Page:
All this changed in 1961 with the introduction of the P1800. Combining a sophisticated Italian design with tough Swedish mechanicals, this new Volvo revitalized the company's image. With reliability, comfort, and practicality, the P1800 was a Volvo through and through. It managed to have a personality all its own, though, and a character much more engaging than its drab siblings.
The P1800 was a 2+2 with two seats up front for adults and a couple of chairs for the kids in the back. The Volvo had a fairly large trunk, which supplemented its additional seats and made the car surprisingly useable for an attractive sports car.
Mechanically, the P1800 was as staid as the other members of its family. Initially offered with a simple 1,778cc four-cylinder with an average of 100hp, it was no road burner. The engine did at least have the dual SU carbs obligatory in a European sports car. The motor was later enlarged to 1985cc, and fuel injection was added later in the model run.
The 'P1800' designation was only used on the first batch of Volvo's sports cars, which had their bodies produced by Jensen of England. After quality problems with Jensen, Volvo moved all P1800 production to Sweden and renamed the car the '1800S,' with the new letter standing for 'Sweden.' When fuel injection was added, the 'S' suffix was dropped in favor of an 'E,' and when a shooting brake variant was created for 1972 it was called the '1800ES.'
Though it was as quick as an MG or a Triumph in a straight line, the P1800 was more of a boulevard cruiser than a backroad hunter. Its rear drum brakes and live rear axle meant that the car handled and stopped more like a conventional sedan than a sports car.
The Volvo's size, though, suggested that it wasn't really a sports car at all. Instead, the P1800 was intended to be a grand touring machine: an automobile with style and panache capable of moving down the highway at a quick enough clip of speed, traveling toward some fashionable destination with a roomy trunk capable of swallowing a comfortable shopping spree. Looking at the car in that context, it's no surprise that the Volvo was able to accomplish its mission and end up a strong seller.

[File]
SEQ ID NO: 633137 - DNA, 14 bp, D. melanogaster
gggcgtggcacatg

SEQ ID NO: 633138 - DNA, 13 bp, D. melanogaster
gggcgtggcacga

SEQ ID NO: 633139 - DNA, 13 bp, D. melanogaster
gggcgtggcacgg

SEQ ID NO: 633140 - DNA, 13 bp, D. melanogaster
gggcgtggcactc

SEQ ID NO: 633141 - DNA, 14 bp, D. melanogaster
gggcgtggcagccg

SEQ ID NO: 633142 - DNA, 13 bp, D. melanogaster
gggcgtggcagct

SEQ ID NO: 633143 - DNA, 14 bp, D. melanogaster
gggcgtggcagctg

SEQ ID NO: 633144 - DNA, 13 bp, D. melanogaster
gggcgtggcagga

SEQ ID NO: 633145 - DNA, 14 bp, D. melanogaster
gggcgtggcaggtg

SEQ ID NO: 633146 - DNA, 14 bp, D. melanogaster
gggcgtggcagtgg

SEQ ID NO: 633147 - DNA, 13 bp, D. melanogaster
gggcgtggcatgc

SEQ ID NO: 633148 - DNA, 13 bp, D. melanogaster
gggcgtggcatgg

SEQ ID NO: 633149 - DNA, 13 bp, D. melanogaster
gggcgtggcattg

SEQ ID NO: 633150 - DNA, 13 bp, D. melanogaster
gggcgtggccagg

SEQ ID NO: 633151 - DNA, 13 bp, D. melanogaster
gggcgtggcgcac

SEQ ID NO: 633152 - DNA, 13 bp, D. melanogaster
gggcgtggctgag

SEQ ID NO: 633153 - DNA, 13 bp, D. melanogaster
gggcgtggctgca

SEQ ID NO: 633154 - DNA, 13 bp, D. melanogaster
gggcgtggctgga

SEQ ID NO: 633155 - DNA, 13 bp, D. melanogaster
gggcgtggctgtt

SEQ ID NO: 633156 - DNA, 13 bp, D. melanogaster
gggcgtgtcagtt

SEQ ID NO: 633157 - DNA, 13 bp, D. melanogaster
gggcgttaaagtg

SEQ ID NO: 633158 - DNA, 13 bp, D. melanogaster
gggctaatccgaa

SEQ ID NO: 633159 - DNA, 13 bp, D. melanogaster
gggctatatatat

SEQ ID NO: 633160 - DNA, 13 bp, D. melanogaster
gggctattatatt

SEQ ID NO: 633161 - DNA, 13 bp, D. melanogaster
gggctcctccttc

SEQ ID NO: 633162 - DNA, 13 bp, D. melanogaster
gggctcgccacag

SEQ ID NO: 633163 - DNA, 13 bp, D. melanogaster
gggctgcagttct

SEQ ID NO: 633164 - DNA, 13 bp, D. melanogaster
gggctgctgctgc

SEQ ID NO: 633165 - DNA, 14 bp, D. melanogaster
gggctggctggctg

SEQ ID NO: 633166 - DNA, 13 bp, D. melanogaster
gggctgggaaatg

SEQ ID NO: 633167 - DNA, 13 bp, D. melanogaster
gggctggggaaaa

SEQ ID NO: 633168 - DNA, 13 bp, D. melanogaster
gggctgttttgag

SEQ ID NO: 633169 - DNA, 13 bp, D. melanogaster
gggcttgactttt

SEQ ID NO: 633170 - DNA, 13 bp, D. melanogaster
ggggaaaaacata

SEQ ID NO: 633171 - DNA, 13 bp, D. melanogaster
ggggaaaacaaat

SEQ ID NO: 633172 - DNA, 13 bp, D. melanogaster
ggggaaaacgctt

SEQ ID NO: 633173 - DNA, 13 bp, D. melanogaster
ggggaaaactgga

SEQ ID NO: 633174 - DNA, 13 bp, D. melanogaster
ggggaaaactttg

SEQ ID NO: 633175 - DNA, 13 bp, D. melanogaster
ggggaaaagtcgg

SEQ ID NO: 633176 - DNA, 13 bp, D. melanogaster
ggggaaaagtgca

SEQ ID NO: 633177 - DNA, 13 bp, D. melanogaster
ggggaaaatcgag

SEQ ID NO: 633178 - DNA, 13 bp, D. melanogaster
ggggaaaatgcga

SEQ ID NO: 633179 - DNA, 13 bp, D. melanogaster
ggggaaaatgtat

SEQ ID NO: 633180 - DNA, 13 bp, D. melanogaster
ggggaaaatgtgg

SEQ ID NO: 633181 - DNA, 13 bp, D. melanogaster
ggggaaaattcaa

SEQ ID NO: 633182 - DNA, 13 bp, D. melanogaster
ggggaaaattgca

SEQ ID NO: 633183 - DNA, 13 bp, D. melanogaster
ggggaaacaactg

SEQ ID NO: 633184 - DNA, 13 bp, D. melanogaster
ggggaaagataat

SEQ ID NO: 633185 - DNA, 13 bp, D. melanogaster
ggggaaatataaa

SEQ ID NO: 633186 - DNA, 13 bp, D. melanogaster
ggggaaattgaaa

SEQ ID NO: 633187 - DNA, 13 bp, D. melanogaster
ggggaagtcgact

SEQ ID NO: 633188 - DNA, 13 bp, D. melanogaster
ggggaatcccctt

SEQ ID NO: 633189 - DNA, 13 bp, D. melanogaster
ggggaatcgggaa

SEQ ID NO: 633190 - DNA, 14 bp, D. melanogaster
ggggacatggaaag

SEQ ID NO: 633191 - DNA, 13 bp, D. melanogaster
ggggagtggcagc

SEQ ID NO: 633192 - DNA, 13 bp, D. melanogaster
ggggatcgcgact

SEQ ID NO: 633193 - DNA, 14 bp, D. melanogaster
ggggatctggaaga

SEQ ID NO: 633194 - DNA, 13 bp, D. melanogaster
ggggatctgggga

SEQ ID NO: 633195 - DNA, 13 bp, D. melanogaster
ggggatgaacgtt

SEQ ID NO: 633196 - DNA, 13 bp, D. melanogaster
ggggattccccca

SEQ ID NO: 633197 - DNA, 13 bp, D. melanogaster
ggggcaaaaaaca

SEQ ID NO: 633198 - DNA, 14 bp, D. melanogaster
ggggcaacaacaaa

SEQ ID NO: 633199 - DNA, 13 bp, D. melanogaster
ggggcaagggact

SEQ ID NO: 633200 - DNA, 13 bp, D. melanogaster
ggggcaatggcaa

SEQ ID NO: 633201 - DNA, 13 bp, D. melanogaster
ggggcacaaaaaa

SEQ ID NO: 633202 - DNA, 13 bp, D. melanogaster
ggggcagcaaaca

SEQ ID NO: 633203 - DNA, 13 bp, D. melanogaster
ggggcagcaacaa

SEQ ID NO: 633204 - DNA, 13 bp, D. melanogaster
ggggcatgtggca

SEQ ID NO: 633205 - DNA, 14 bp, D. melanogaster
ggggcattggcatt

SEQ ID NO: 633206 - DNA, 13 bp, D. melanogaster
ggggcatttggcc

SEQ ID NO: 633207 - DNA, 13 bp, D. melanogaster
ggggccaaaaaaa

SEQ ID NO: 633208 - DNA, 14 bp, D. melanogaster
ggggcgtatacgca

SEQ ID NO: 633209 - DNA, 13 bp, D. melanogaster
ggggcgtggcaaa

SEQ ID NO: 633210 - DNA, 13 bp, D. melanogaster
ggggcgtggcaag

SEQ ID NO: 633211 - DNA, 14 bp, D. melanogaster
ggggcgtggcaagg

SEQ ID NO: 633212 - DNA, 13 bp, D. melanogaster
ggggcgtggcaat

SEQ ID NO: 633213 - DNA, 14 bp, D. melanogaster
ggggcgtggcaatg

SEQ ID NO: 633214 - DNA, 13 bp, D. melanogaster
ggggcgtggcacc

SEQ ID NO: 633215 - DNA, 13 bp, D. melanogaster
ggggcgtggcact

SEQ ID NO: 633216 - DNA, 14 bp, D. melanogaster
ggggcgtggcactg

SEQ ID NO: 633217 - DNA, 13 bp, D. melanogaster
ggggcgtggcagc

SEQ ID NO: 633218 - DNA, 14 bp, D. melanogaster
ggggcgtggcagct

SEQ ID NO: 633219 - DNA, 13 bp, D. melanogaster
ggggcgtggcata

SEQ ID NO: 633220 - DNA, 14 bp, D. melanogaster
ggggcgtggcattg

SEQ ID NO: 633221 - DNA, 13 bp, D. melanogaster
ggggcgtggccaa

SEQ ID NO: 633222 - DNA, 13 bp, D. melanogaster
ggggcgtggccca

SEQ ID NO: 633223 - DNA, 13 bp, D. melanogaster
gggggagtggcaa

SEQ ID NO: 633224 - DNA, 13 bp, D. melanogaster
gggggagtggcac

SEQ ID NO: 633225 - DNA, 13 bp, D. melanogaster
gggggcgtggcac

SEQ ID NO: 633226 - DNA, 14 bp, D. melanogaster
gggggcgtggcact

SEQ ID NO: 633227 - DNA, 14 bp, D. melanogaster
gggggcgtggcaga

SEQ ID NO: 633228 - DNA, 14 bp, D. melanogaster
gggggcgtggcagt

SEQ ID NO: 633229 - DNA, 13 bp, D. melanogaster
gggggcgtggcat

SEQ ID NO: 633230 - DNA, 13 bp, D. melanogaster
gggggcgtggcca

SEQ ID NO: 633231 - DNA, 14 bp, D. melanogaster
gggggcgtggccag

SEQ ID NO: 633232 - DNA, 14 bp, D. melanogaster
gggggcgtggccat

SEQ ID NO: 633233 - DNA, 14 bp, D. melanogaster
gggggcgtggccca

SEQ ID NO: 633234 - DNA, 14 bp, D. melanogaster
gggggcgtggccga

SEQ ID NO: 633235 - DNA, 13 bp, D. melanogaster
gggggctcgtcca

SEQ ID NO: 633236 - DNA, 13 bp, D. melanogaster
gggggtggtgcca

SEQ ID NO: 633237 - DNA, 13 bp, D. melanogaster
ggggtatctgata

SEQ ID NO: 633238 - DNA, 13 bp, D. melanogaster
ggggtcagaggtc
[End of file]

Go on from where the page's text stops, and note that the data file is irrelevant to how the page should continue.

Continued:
As a stylish grand touring car, the Volvo proved its worth. It was supremely comfortable, with the pleasant interior and excellent seats found in so many Swedish cars, and it had a great design that was distinct and modern. The P1800's styling is often attributed to Pietro Frua of Italy, but in reality, it was the young Pelle Petterson of Sweden who designed the car while working under Frua. The Volvo's combination of good looks and well-built mechanicals was a great combination that found many satisfied owners.
The car's only real downfall was no fault of its own. For as good of a vehicle as it was, the Volvo had some serious competition that it just couldn't match. Introduced the same year as the fabled Jaguar E-Type, the P1800 struggled in the shadow of the glitzy Jag that was only marginally more expensive. It enjoyed decent sales during its long production run, but was eventually outshone by more impressive competition and discontinued.
Wilson, Quentin. The Ultimate Classic Car Book. First. London: Dorling Kindersley Limited, 1995. By Evan Acuña